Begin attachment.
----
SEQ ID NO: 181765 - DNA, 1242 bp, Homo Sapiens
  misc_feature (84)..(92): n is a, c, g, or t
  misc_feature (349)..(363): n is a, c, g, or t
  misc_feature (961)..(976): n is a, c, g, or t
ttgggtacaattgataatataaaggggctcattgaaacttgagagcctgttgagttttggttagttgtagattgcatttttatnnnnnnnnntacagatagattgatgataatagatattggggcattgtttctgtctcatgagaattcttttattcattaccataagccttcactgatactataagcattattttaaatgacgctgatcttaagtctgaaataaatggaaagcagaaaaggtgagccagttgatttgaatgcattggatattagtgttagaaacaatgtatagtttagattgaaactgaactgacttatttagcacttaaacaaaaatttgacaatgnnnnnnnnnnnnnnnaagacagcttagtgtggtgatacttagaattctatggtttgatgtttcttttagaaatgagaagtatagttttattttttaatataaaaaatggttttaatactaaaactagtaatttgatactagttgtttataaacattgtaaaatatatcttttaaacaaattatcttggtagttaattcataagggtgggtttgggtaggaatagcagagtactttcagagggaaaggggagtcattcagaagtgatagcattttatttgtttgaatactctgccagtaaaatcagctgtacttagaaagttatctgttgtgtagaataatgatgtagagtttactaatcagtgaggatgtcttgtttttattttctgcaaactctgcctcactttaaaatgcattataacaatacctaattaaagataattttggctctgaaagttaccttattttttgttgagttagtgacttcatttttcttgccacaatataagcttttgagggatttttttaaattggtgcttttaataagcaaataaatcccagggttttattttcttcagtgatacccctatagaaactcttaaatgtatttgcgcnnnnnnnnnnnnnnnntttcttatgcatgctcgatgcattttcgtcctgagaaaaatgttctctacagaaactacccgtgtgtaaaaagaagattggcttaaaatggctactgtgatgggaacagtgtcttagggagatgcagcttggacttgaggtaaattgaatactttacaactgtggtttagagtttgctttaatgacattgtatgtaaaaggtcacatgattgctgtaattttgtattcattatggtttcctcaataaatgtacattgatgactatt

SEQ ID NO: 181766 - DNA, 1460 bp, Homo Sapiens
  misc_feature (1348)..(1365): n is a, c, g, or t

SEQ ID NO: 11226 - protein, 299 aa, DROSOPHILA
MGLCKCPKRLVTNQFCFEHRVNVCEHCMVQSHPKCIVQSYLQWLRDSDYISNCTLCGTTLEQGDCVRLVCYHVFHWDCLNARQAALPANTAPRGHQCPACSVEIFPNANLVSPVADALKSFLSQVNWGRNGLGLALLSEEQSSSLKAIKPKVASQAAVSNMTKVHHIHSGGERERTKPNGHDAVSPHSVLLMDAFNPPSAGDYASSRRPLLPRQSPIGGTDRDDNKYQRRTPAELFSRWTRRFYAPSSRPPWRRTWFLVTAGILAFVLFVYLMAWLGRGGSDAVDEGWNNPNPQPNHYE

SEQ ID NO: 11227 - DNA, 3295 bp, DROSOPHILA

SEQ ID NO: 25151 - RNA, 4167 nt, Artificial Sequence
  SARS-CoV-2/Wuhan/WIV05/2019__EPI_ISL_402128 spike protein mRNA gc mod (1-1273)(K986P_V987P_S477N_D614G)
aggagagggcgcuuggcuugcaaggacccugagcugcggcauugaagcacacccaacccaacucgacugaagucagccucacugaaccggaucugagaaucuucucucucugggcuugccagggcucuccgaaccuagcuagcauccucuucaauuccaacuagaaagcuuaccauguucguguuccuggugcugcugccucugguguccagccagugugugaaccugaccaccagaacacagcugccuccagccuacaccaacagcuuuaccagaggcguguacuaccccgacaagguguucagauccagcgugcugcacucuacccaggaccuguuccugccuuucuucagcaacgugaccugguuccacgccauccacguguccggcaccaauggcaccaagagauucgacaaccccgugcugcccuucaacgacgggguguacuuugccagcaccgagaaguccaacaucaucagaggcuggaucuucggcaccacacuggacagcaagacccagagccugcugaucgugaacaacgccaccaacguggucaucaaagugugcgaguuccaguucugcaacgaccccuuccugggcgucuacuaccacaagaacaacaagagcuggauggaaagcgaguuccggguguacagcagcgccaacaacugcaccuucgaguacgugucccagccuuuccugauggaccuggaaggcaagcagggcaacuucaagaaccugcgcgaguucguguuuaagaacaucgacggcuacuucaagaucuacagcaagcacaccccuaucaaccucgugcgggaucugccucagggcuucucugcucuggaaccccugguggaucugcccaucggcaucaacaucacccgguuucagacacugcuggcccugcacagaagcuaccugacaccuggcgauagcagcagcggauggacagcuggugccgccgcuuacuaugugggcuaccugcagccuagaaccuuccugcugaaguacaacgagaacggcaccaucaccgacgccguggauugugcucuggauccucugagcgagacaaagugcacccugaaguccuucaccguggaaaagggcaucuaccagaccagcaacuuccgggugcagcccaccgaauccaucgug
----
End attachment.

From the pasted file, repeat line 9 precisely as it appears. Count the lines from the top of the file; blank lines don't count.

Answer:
MGLCKCPKRLVTNQFCFEHRVNVCEHCMVQSHPKCIVQSYLQWLRDSDYISNCTLCGTTLEQGDCVRLVCYHVFHWDCLNARQAALPANTAPRGHQCPACSVEIFPNANLVSPVADALKSFLSQVNWGRNGLGLALLSEEQSSSLKAIKPKVASQAAVSNMTKVHHIHSGGERERTKPNGHDAVSPHSVLLMDAFNPPSAGDYASSRRPLLPRQSPIGGTDRDDNKYQRRTPAELFSRWTRRFYAPSSRPPWRRTWFLVTAGILAFVLFVYLMAWLGRGGSDAVDEGWNNPNPQPNHYE